How we explain our hope says a lot about why we have it.
(Read 1 Peter 3:15)
There are always going to be people who question you about your beliefs. You can’t stop them from asking you your reason for faith, but as a Christian you should welcome this discussion. This could be the first time that they hear the Gospel (“the good news”) or the first time they hear it from a sincere believer. This month we’re studying why we should share God’s glory and grace and some ways in which we should share.
“But in your hearts revere Christ as Lord. Always be prepared to give an answer to everyone who asks you to give the reason for the hope that you have. But do this with gentleness and respect”
When talking about your faith, you can’t control what the other person is thinking. You can’t prevent sarcasm, skepticism, or hostility, but you are able to control your response. It is easy to react with anger or defensiveness, which is why Peter tells us to be prepared for that moment to “answer” why we have this hope and to answer with “gentleness and respect”.
The Greek word used for “answer” is apologia, where we get the word “apologetics” — careful and logical defense of the Christian faith demonstrating validity as the true saving gospel of the Father, Son, and Holy Ghost. Peter and the early Christians faced tremendous persecution and scrutiny. There was no middle ground in demonstrating the Christian faith with its attackers. Peter stressed that believers stand firm verbalizing the real message and hope of Jesus Christ. While apologia sounds like apology, it’s meaning is far from it. It is not guilt and sorrow for our beliefs, but rather clear, calm, and intelligent defense of them.
In order to respond with a gentleness, you first must fully give yourself to the Lord. We must revere Christ in our hearts. When we fully trust in the Lord, our confidence can’t waiver. In Luke, Jesus tells us, not to, “worry about how you will defend yourselves or what you will say, for the Holy Spirit will teach you at that time what you should say.”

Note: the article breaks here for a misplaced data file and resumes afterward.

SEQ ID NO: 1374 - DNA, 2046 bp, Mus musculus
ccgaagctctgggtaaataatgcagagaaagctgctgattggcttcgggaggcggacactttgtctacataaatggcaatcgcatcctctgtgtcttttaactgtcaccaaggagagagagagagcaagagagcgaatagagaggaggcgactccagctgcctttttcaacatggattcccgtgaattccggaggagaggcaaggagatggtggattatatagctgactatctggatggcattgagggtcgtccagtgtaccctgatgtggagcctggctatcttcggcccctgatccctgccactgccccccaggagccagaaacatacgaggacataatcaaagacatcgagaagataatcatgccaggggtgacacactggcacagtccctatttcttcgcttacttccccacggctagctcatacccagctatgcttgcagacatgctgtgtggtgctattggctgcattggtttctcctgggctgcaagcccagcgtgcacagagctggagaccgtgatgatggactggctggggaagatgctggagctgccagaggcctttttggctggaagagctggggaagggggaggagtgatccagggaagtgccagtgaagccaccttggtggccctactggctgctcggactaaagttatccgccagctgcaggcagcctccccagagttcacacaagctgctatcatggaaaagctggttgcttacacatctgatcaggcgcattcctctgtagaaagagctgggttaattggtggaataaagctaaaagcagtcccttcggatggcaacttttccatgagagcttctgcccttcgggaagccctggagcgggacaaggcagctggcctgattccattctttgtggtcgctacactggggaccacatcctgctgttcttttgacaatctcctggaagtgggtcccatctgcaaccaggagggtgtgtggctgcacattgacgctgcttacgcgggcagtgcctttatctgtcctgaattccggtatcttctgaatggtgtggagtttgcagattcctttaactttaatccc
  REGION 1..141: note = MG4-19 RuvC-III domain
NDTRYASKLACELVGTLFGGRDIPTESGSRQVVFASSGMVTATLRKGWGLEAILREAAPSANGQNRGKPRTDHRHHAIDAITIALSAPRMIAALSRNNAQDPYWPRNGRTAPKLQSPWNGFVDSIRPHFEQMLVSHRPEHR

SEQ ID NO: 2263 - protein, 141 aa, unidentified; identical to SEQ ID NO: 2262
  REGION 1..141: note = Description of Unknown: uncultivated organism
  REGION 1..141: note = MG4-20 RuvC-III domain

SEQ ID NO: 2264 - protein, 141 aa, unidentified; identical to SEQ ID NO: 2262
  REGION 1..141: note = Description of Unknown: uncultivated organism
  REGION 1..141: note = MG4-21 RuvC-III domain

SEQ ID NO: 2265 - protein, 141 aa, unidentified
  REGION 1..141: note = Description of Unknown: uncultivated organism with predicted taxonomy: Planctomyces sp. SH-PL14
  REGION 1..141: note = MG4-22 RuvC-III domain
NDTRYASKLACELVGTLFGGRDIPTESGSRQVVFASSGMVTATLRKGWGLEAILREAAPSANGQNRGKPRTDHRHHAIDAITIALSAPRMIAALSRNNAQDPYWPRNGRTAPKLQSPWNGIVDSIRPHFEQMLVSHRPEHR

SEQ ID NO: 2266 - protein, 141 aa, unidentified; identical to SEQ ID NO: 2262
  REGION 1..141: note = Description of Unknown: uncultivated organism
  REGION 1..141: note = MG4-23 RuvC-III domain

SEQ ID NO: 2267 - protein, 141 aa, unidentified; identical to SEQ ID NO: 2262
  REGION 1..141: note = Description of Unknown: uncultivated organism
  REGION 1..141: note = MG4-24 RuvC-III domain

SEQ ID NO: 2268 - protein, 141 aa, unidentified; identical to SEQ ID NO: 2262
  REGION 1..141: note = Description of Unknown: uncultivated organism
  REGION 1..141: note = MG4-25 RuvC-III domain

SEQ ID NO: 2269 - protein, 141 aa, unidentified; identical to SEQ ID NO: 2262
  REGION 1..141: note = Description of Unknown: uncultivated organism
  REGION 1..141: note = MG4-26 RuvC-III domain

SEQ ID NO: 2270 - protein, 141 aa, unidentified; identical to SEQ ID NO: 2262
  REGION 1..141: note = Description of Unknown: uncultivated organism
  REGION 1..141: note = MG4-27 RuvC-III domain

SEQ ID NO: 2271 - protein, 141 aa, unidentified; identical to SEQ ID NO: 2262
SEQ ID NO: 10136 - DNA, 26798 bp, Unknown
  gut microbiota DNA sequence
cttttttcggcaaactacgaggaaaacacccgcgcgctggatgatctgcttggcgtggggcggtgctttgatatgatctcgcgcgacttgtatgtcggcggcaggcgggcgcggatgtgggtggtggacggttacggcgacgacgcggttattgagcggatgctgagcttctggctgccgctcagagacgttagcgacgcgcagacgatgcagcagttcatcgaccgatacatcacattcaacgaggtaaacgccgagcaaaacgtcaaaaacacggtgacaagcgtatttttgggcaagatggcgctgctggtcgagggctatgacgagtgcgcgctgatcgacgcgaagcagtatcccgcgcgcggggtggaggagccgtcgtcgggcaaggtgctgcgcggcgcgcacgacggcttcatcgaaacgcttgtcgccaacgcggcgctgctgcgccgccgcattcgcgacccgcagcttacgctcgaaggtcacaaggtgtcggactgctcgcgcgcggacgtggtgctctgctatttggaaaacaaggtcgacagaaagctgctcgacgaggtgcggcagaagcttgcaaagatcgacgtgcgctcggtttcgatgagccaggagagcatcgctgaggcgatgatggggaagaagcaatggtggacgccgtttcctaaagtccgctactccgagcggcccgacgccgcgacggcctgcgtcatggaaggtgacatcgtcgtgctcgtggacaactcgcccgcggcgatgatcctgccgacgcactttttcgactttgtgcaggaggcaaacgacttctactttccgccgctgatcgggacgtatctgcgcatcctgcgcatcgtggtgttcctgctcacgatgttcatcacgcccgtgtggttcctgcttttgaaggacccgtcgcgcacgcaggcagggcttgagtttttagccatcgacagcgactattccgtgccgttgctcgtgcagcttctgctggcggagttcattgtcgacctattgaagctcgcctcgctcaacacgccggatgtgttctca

When we are confident in our faith, we can share our faith gently without condemnation or insults. I have had close friends who have at times ridiculed me for my beliefs. I used to get hostile and frustrated. A Christian friend challenged me about my behavior and reminded me that the real Christian behavior is to recognize the conversation as an opportunity not as a confrontation.
With Christ in our heart, we will pour out His love with everyone we come in contact with regardless of the situation. It’s up to us to read and study the Bible. We should know it so we can explain where our hope comes from and why we believe. The grace God has given us also requires us to love equally our brothers and sisters. We are to step down our behavior, but not the true message of God’s blessing and saving grace.
- Do you ever react emotionally without consideration for how your behavior affects others? Do your reactions show a different person than who you think you are?
- Has anyone asked you questions about your faith that you couldn’t answer? Does that fuel their skepticism?
- Are you prepared for family, friend, or stranger to ask you where your faith comes from?
- Read, pray, memorize verses in the Bible. Get familiar with God’s word. It’s His story but it’s also our story for eternity. This will help you explain to anyone who asks why you believe what you believe.
- Even as a believer, we can let emotion and pride rise above our Christian souls. Focus on your response to adversity and hostility. Focus on our your response to well-meaning conversations too. Conversations about our faith all have the potential to help lead the way to someone coming to Christ.
- Read all of 1 Peter. Pay close attention to what he’s telling his readers in the letter. Be prepared at all times to demonstrate your Christianity in your explanation of your faith and in your behavior.
Where else in your life can you live out the teachings of Christ? Look for next week’s Devotion.